Are you thinking about starting a digital marketing business that focuses on SaaS (software as a service) and related services? Or, maybe you already operate such a company and need a handy list of common errors made by owners of startups in this highly competitive niche. Whatever the case, knowledge is power, and knowing what not to do is often as helpful as knowing what to do.
Of course, in an imperfect world, human nature being what it is, there are far more than 12 items on any ‘don’t do these things” list. The following represent the most frequent pitfalls that newer, smaller companies encounter along the road to success.
Keep in mind that learning from mistakes can be a valuable experience for any entrepreneur. But it’s far more profitable to avoid mistakes in the first place, or at least catch them in their early stages before they become insurmountable.
In no specific order, the following items pertain to either marketing companies in general or specifically to businesses involved in SaaS and related services.
Being Too Technical
People who sell IT products and services tend to be far more comfortable with the language and thought processes of the technical world. Buyers rarely have your level of expertise or familiarity with back-end jargon and functionality. Don’t make your user interface too tech-oriented.
Keep things streamlined and straightforward enough so that even the most digitally challenged user can navigate and use the product.
Not Shouting Your Degree Credentials
You don’t need to have a college degree to succeed as a marketer, but it helps. If you do have a degree, make a point to include your achievement in an online bio or ‘About Us’ write-up.
Likewise, if you’re aiming to add a four-year diploma to your resume, leverage the power of using a private lender to get a student loan. In this age of telecommuting, eLearning, and tele-everything, there’s no reason to let a lack of funds prevent you from bolstering your professional credentials.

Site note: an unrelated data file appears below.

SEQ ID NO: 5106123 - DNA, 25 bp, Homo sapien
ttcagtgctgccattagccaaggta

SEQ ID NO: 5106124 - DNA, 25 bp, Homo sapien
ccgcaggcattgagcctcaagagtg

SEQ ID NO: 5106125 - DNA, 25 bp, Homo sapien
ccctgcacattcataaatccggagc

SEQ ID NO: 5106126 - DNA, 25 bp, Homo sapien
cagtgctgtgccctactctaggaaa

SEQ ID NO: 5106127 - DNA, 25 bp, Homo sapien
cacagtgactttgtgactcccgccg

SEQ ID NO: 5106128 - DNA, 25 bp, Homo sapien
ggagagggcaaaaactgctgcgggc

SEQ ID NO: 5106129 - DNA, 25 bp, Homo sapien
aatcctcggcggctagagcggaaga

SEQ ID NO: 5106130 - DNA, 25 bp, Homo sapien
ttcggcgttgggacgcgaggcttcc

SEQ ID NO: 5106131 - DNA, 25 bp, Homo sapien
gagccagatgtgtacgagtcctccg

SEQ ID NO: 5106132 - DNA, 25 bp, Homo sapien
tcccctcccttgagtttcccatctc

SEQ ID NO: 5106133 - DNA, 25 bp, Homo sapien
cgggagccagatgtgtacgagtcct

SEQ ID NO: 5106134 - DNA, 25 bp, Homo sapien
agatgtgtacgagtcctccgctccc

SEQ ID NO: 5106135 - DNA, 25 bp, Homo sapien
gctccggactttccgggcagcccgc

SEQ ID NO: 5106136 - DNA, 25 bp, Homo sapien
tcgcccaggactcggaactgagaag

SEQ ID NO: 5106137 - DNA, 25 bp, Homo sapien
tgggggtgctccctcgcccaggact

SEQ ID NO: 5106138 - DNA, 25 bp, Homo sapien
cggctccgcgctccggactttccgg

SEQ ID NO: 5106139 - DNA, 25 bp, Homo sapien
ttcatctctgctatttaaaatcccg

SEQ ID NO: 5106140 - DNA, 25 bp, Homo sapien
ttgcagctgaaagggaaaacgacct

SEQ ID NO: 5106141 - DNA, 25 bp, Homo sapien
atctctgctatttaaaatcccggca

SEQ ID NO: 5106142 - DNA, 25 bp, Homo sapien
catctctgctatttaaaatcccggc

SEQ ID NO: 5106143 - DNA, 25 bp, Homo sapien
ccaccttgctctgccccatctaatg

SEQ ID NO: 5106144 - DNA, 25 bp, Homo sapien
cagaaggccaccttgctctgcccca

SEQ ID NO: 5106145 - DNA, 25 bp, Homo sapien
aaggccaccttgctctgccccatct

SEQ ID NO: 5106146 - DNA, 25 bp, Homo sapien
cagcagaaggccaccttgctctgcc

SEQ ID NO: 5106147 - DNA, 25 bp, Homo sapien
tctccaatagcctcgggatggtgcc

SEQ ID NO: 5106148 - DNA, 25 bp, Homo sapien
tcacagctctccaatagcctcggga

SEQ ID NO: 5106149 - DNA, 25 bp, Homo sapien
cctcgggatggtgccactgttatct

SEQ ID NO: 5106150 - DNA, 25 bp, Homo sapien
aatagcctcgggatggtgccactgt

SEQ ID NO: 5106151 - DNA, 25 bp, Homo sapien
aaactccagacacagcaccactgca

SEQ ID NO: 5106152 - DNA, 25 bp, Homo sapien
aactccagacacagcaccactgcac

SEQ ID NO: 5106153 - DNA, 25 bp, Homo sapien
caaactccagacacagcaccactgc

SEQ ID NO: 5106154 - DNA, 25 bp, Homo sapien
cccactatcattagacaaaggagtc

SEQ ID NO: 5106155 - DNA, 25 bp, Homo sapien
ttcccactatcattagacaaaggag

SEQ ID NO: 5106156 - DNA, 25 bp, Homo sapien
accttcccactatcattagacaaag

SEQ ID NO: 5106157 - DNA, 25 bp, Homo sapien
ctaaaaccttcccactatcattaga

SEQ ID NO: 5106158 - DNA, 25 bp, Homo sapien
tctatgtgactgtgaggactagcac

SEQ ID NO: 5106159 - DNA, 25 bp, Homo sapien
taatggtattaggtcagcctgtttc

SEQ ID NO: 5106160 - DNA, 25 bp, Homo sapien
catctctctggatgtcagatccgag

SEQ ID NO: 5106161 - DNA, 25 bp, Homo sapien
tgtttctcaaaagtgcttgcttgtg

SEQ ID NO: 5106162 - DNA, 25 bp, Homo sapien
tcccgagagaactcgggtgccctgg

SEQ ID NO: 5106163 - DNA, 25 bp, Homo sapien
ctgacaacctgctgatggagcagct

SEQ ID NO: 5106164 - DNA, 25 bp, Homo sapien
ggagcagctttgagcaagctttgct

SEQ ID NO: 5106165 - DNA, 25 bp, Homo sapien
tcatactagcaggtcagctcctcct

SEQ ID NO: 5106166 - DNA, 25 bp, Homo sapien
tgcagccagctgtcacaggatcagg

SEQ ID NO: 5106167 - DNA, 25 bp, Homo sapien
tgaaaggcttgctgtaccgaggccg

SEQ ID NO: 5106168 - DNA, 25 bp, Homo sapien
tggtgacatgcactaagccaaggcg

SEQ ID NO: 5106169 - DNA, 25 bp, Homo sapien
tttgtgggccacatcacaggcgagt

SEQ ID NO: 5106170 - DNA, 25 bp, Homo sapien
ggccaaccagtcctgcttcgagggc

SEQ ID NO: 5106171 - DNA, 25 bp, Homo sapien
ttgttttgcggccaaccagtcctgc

The beauty of getting private lender student loans is that they can cover as much or as little of the total bill as needed. Earn that degree with a private student loan, and don’t forget to let prospective clients know that you are trained to help them find technical solutions to their everyday challenges.
Being Secretive About Pricing
Sophisticated customers are accustomed to seeing precise information at first glance. In addition to fast load times, they expect to know what you charge for your goods and services. If you make them plod around from page to page to locate that information, you’re off to an awful start.
Put pricing data in logical places and make it simple for visitors to find it. If you’re ashamed of what you charge, that’s another problem entirely. Don’t be shy when it comes to listing all the details about basic packages, add-ons, upgrades, extras, and special services.
People want to know how much they will be spending if they buy from you. Don’t make it a chore for them to do so.
Stop for a minute and ponder the reason that SaaS is so popular. It’s a service, not a legacy product. People enjoy the opportunity to use precisely what they need when they need it without getting locked into a contract, long-term obligation, or having to buy a pricey piece of legacy software.
Don’t lock your buyers in. Allow them to downgrade their package should they wish to and to upgrade if the need arises. Lock-ins kill long-term customer relationships.
Using Cookie Cutter Pricing
In every industry, you can smell a cookie-cutter price menu a mile away. It’s a sad fact of modern commerce, but many entrepreneurs take the easy way out when pricing their goods and services. They find a competitor’s price sheet and duplicate it.
At first, you feel as if you’ve saved a lot of time and effort, but the shortcut will come back to haunt you eventually. Using price data based on anything other than your actual costs and value-added is a bad idea all around. If the numbers are too high, you’ll scare potential customers away.
If they’re too low, you’ll suffer losses by selling your wares at basement bargain levels. Take the time to make accurate estimates of things like overhead, expenses, expansion plans, and more.
Using Shotgun Marketing
It’s good to have big dreams, but when the time comes to craft SaaS marketing campaigns, you need to get narrow and be honest with yourself about who your target customers really are.
Merchants in this space tend to believe their prospective clients are all businesses and individuals who need technical, computer-related solutions.